COEUR D'ALENE, Idaho — It will be all hands on deck Sunday for the Coeur d'Alene fire department. The city is supposed to hit the triple digits amid the heat wave, which itself would be incredible, but Ironman CDA is also taking place.
"We're definitely worried about both athletes and the spectators with the potentially record setting temperatures," CDA Fire EMS Officer Scott Dietrich said.
More than three thousand people are participating in the triathlon, making it the largest race in CDA history. The athletes are not who the firefighters are most worried about, Dietrich said.
"Runners have been, hopefully, training for this for a while and have learned how to adequately replace what they're expending," he added. "For Ironman especially, what we're worried about is all the spectators and the volunteers."
Anyone who is out in the sun, but specifically the elderly and pediatric populations, could get sick from the heat. The fire department sees a significant increase in dehydration calls during Ironman normally, he said. With the temperatures this year, they are bumping up the resources.
Instead of just the full CDA crew of 17, other jurisdictions are coming in to total 60 firefighters and EMS personnel on duty. Every CDA firefighter is working, as well as additional ambulances, fire engines and fire boats. Other ambulance crews are helping out, but he said the public can help, as well.
"The biggest thing we're concerned with here is people just getting dehydrated from lack of fluid intake so everyone needs to be really careful with what they're drinking, drink lots of water and stay away from alcohol and the caffeinated beverages," he said. "Those don't help when replacing fluids, but water and Gatorade do."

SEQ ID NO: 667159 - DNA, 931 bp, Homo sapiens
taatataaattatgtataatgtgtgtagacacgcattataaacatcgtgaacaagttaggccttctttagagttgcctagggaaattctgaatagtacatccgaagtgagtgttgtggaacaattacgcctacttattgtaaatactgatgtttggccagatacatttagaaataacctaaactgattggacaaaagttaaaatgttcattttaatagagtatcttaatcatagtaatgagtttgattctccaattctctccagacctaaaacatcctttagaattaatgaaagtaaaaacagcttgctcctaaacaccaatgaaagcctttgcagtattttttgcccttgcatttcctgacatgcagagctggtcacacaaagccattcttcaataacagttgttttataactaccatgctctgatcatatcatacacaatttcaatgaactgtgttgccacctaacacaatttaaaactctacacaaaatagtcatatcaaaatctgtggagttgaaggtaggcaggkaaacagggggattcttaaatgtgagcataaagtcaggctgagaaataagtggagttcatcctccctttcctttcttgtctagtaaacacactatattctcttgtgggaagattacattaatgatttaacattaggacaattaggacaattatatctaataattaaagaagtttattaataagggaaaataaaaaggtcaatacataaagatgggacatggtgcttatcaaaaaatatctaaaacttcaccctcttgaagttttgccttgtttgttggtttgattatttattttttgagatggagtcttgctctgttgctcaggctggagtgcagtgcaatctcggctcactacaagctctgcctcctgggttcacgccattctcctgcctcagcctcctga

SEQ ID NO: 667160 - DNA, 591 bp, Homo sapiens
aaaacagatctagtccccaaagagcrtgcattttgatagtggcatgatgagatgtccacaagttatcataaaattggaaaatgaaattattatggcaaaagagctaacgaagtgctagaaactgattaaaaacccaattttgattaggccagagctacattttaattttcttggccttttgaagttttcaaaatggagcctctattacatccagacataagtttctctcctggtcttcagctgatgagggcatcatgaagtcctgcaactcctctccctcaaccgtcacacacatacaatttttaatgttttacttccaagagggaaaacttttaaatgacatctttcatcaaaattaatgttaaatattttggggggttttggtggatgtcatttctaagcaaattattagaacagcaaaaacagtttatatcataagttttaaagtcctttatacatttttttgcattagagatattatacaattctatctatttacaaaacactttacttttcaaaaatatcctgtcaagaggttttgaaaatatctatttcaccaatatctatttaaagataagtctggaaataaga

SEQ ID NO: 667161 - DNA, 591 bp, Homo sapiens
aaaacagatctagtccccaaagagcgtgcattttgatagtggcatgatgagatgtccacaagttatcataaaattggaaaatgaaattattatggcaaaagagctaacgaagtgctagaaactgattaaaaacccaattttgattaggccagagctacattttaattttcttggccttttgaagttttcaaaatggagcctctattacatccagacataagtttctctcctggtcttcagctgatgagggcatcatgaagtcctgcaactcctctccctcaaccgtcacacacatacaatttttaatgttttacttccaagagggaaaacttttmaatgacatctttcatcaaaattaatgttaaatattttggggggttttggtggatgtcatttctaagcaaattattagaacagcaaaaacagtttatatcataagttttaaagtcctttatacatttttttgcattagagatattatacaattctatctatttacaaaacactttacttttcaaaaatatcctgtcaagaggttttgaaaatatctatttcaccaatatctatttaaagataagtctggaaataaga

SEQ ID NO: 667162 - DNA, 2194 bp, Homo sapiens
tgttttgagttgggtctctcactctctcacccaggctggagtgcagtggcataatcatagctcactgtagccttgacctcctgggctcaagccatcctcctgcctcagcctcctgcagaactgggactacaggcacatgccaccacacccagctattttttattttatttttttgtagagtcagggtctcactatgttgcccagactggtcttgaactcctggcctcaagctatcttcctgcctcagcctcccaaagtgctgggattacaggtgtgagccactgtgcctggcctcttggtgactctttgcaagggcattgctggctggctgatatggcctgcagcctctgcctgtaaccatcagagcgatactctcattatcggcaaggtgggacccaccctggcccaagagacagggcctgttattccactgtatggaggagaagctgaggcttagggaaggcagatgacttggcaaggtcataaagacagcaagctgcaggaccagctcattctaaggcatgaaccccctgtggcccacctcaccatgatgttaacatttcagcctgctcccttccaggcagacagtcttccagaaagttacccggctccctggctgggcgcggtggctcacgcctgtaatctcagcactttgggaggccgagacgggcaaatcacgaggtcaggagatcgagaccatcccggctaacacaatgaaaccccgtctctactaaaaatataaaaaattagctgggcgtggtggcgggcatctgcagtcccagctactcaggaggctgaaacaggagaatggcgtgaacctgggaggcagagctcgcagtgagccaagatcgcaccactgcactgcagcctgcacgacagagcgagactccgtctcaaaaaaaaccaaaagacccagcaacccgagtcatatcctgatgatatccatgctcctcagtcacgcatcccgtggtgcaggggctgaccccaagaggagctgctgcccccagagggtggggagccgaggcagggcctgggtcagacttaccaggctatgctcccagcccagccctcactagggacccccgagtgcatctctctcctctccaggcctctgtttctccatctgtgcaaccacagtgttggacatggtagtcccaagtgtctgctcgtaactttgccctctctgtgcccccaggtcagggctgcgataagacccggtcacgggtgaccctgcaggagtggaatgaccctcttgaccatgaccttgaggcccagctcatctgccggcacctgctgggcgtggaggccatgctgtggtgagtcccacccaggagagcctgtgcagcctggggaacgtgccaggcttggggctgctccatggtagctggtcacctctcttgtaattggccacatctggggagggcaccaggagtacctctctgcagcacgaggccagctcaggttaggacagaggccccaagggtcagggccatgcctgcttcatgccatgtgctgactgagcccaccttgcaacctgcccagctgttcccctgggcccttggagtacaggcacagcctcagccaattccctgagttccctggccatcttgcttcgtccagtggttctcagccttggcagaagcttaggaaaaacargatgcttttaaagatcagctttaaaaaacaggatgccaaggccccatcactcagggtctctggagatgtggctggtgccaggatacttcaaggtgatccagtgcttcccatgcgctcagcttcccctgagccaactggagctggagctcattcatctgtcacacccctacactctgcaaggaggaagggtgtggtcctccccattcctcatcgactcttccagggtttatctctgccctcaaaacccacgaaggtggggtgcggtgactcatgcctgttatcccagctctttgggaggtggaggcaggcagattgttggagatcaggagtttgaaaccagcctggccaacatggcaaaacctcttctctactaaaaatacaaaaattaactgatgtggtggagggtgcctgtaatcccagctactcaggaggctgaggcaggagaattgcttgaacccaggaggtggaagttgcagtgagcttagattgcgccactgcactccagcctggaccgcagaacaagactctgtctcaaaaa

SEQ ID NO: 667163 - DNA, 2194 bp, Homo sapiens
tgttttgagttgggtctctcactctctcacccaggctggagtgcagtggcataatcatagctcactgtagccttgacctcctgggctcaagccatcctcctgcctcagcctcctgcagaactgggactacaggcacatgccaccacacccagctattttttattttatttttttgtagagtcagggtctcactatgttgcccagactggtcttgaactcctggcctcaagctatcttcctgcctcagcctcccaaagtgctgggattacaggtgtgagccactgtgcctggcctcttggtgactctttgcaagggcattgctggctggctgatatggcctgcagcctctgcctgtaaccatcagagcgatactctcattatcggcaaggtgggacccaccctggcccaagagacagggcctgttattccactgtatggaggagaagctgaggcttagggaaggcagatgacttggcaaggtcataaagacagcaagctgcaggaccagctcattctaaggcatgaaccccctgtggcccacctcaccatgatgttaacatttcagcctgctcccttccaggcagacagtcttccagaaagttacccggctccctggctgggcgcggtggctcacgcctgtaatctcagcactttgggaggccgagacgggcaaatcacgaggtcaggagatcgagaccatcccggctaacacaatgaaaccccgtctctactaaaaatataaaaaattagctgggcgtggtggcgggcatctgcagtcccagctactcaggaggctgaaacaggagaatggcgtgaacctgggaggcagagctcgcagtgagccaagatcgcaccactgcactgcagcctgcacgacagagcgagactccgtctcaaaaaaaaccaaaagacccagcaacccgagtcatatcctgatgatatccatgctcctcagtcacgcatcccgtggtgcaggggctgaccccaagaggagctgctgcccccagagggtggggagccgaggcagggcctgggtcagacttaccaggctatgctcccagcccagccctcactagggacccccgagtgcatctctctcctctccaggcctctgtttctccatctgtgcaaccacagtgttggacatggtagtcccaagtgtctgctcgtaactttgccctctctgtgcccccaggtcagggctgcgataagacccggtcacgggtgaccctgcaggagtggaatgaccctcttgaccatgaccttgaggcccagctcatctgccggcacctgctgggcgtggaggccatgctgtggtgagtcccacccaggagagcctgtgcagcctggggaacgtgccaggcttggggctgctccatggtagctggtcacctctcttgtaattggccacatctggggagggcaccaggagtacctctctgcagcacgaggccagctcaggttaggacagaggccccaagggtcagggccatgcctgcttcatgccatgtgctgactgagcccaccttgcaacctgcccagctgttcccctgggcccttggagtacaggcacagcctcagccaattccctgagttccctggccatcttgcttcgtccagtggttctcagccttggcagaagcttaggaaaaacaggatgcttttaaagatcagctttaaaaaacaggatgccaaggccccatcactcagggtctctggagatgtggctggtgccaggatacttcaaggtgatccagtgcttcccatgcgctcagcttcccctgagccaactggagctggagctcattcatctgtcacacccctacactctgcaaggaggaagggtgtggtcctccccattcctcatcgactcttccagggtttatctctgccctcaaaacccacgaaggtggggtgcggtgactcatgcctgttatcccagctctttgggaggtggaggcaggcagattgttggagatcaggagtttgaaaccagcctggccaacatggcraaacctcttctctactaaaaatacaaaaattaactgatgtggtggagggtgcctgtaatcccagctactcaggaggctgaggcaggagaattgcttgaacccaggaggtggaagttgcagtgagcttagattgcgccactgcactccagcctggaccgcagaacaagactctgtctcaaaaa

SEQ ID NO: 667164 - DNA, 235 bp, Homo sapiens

When starting to feel thirsty, it could be a sign of dehydration.
"Obviously, drinking fluids is important at that point," he said. "Work on pulling yourself off and drinking, but don't overdo it, because you can easily drink too much, too quick and you're gonna make yourself sick and start throwing up and you're making the process worse."
It is better to drink small amounts of fluids continuously throughout the day than to wait and chug, he said.
Hydration is key here. Normally, you want to drink 8 glasses of water a day. With these temperatures, Dietrich suggested doubling it.
Other ways to stay safe are:
- Wear loose-fitting, lightweight clothing
- Find shade,
- Apply a generous amount of sunscreen
- Be careful with certain medications that may raise temperature
- Sit down when feeling light-headed
Although all of the race entries are filled, Ironman is still in need of volunteers. They need people at the aid station especially, so we need those people to be given out water and making sure people are hydrated, according to an organizer.
There are a few sections that still need plenty of volunteers. Right not there are plenty of open volunteer spots are the bike aid stations. Non-profits and groups can earn grants by volunteering together. In 2019, WTC/Ironman Foundation contributed back to area nonprofits and organizations with approximately $80,000, according to event organizers.
The sheer amount of athletes and people in Coeur d'Alene means crowd control also needs help, so anyone interested in signing up can find available spots on the Ironman website. They can also email volunteer coordinators at firstname.lastname@example.org.
With a race that lasts for hours, there are different time slots and even days leading up to the race that can be volunteered.
Signs of heat exhaustion: Get to a cool place, drink water
- Excessive sweating
- Faint or dizzy
- Clammy skin
- Nausea or vomiting
- Rapid, weak pulse
- Muscle cramps
Signs of heat stroke: Call 911
- Throbbing headache
- No sweating
- Body temp above 103 degrees F
- red, hot, dry skin
- Nausea or vomiting
- Rapid, strong pulse
- May lose consciousness